Anika Wells MP on ABC Brisbane with Rebecca Levingston


SUBJECTS: Gender pay gap; paid parental leave.

On money. But not in the property market. The difference in money that men and women are paid. The gender pay gap. Youve been hearing about it for years. Doesn’t it seem unreal that in 2021, in Australia, men and women still aren’t paid the same. And despite this issue getting more attention than ever, there’s dedicated days for goodness sakes where we talk about addressing the gender pay gap, the problem is still getting worse. New data from the Workplace Gender Equality Agency puts the gap between men and women at just over 14 percent. That is up nearly a full percentage point from six months ago. So how do we fix it? And what role does paid parental leave play into this conversation? Well Anika Wells, member for parliament, wants to have a chat. Hello Anika.

ANIKA WELLS, MEMBER FOR LILLEY: Good morning Rebecca, how are you?

LEVINGSTON: Well thanks. Last time I spoke to you I think you’d maybe just given birth to twins and were heading back to parliament. How’s life as a politician and as a juggling mum.

WELLS: Well they’re crawling now so it is increasingly hectic. Hectic on an exponential scale. I’m doing virtual parliament this week because of the quarantine requirements for Queenslanders coming back from the ACT. It means coming and going from the house to the office and it seems to be, I’m going to guess, people who don’t have caregiving responsibilities who schedule the debates in the House don’t think about working parents. Because we constantly have these debates about important legislation like paid parental leave, like childcare, that happen during the witching hour. Which you know is the worst possible time for working parents to be trying to make a contribution to public policy. There’s a name for it, that’s how bad it is – the witching hour!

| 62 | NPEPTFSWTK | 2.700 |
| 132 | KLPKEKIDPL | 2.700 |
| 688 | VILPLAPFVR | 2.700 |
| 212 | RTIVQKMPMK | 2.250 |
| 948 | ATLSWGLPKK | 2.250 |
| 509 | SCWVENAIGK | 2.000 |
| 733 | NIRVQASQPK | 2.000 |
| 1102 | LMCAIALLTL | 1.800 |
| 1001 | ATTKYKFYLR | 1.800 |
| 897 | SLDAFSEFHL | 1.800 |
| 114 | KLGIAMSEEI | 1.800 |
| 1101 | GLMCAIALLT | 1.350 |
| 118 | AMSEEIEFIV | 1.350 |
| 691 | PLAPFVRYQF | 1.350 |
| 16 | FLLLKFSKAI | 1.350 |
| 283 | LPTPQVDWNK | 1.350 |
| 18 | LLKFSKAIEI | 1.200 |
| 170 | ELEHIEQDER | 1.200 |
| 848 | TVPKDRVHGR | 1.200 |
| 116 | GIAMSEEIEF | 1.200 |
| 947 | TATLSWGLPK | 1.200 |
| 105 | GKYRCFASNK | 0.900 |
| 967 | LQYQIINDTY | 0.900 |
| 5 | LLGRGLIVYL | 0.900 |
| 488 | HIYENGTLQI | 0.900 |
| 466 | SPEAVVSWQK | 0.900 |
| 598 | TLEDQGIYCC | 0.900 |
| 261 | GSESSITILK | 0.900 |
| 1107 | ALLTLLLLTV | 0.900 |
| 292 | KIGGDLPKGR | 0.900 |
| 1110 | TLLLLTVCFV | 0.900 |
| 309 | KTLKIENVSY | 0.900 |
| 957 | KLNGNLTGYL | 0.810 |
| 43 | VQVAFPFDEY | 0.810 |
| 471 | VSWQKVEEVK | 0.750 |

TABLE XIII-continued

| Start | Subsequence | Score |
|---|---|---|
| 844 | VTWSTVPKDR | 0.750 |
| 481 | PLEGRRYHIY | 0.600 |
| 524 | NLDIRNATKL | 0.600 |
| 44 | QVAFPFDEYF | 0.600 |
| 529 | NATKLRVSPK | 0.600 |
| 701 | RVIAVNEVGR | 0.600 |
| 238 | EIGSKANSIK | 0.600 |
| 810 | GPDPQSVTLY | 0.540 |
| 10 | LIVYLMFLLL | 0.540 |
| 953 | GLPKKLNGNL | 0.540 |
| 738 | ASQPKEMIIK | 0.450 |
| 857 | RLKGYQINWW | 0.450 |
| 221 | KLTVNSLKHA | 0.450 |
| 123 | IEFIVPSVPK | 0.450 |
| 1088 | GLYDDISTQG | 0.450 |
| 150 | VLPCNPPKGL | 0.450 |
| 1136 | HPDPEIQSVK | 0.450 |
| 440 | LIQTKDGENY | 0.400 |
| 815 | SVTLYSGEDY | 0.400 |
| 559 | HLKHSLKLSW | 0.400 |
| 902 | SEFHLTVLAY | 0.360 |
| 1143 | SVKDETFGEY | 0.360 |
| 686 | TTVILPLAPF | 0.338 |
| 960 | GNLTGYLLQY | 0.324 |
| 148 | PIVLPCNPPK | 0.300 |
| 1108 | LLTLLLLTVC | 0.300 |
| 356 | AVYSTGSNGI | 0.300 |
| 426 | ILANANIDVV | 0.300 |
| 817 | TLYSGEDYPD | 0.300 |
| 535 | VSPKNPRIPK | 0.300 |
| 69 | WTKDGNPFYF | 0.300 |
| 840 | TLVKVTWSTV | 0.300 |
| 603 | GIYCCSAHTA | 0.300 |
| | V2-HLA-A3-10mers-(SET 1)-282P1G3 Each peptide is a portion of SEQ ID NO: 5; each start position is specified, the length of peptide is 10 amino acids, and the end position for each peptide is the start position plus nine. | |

LEVINGSTON: Yep and every parent knows that. In terms of the gender pay gap, are male and female MPs paid the same Anika?

WELLS: We are. We have the same base rate. Though that shouldn’t be the end of the policy line as far as government MPs are concerned, their own pay. Though I would…this is a much broader topic for us to open at another date. But it does cost more to be a female MP than a male MP. And if you look at the costs of being a female MP with young children and what it costs a female to pay for the care and logistics {inaudible} , whilst being pregnant and looking after newborns. The salary is the same.

LEVINGSTON: I’m going to assume that one of Anika Wells’ toddlers just grabbed hold of her phone. Stay with me, we’ll get Anika Wells back. Anika hello?

WELLS: Hello

LEVINGSTON: Was that…hoping that was a small child’s hand that just reached up and hung up?

WELLS: The secret will remain between you and me Rebecca, and your many listeners.

LEVINGSTON: But I take your point. There are different expenses for female MPs. Have we lost Anika again? I think we have. Maybe we’ll just try on a regular phone line, we’ll see if we can get Anika Wells back on the line. Anika, the member for Lilley, Wayne Swan’s old seat here in Brisbane. Of course the former treasurer of Australia. She wants to talk money this morning. Gender equality, the gender pay gap and also specifically around how paid parental leave plays into this conversation. Let’s see if the phone connects us a little better. Anika? You there?